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14 - 18 June

How Home Depot is building consumer love with the help of data

Ken Hein

US editor

Shavonne M Clark

senior manager of marketing

Google launches £109m fund for European journalism digital projects

Google has launched its €150m (£109m) European Journalism fund intended to help news publishers throughout Europe develop new digital projects which will push the industry forward.

It is part of its Digital News Initiative announced in April designed to support training, research and innovation in the journalism industry. It has also been viewed as an olive branch to publishers who have widely accused the internet search giant of acting unfairly by distorting search results to promote its own products and services.

The fund will make €50m available annually over the next three years and will be available to all European publishers including start-ups. Grants of up to €1m will be issued twice a year to those chosen by a 13 member council consisting of publishing executives from around Europe, including Telegraph Media Group chief Murdoch MacLennan who is the only UK representative, and three Google staff. In the case of larger projects a vote will be held before issuing approval.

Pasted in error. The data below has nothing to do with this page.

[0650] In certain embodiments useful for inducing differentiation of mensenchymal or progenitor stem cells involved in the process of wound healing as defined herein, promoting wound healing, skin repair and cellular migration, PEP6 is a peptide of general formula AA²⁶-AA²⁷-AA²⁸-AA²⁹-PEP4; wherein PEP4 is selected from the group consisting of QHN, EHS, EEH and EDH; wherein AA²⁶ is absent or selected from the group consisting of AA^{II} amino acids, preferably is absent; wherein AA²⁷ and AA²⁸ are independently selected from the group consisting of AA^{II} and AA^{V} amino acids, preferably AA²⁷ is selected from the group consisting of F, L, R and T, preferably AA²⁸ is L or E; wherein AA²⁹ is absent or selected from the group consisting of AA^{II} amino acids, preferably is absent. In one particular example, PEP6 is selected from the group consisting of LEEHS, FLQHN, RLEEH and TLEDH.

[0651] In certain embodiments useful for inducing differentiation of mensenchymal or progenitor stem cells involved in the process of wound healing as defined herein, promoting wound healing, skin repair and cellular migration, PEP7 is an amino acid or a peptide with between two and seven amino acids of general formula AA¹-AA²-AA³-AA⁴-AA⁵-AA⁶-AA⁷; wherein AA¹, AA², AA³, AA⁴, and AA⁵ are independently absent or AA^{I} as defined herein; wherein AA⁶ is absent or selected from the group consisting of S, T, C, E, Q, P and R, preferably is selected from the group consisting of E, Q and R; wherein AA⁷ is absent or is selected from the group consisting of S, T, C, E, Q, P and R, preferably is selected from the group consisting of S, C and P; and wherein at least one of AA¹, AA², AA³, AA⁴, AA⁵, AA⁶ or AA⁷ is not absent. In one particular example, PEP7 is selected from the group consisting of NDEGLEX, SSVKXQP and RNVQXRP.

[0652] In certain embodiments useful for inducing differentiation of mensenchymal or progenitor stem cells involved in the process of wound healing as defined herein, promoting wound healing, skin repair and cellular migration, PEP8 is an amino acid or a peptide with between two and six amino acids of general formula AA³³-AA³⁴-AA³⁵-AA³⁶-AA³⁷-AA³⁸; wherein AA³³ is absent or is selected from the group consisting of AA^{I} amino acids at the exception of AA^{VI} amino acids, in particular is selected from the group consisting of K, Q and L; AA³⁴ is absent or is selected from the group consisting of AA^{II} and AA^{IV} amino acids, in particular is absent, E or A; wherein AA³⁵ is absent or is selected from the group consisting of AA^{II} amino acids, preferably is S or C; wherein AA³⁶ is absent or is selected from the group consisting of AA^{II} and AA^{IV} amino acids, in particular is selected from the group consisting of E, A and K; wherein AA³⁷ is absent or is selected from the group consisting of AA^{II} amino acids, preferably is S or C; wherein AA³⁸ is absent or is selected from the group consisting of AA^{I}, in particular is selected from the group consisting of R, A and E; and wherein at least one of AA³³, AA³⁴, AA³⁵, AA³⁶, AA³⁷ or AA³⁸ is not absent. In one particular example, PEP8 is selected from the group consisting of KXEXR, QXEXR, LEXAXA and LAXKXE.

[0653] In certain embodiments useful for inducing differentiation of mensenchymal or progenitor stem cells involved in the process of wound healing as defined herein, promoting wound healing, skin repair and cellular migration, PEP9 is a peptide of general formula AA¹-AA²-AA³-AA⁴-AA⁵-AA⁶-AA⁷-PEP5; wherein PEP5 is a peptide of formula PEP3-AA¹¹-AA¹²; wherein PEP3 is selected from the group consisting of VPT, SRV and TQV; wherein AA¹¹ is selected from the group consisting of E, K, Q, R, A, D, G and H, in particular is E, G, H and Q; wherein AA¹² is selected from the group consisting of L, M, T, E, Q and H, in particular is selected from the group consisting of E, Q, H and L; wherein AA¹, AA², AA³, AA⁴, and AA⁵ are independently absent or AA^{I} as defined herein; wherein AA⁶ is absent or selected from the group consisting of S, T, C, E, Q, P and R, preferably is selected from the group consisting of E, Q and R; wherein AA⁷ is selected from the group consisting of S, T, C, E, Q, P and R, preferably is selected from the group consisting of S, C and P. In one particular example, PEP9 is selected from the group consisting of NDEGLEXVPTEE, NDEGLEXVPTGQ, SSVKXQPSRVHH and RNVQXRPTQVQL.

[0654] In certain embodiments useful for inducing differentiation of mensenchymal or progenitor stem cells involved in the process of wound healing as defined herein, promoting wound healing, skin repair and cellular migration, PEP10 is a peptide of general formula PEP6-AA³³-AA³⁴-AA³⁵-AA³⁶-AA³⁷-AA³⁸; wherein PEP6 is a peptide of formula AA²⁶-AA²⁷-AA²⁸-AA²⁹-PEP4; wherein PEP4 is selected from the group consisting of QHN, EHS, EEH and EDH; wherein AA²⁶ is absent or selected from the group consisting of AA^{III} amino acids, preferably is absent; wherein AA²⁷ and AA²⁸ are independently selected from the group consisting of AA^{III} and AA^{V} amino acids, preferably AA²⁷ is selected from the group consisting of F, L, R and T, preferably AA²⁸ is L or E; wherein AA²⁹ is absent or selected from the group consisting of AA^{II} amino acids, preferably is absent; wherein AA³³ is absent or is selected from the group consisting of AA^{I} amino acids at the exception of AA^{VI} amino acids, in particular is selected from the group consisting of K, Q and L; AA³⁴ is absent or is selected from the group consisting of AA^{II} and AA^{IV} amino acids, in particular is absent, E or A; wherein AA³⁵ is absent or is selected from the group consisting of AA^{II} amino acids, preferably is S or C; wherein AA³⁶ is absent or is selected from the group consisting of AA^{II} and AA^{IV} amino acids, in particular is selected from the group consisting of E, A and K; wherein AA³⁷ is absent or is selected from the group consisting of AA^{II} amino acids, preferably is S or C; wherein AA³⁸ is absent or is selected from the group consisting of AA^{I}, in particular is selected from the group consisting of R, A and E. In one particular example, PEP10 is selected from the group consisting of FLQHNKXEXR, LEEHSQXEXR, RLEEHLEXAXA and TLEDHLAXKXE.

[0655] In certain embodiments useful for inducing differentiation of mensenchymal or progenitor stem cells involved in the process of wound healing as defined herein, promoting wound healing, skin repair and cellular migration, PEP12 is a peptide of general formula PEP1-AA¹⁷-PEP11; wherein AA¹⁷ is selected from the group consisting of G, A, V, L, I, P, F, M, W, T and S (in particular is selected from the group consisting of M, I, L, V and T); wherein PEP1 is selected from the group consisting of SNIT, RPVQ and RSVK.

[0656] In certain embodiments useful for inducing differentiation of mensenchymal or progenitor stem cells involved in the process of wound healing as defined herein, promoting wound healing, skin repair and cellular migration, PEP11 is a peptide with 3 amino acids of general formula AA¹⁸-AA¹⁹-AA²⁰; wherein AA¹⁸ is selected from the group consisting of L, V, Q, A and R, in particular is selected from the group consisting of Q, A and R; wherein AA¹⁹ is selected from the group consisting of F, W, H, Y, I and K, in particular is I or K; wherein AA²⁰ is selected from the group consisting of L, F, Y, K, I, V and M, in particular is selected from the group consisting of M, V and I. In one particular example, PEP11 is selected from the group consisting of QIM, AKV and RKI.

Google divided the funds up into three pools with “early stage” prototype projects being “fast tracked” with up to €50,000 while medium-sized projects which need €300,000 in funding will receive 70 per cent of the money needed from Google. Proposals defined as larger projects will receive 70 per cent of funding up to €1m.

In a blogpost for the launch Google said it was “looking for projects that demonstrate new thinking in the practice of digital journalism; that support the development of new business models, or maybe even change the way users consume digital news”. The statement added that “there is no requirement to use any Google products”.

More than 120 publishers, including the Financial Times and the Guardian, have already signed up to the initiative.

The initiative follows on from a European Union investigating whether Google has abused its 90 per cent market share in search to illegally promote its other products and services which has resulted in anger from publishers over the impact of Google’s use of their content.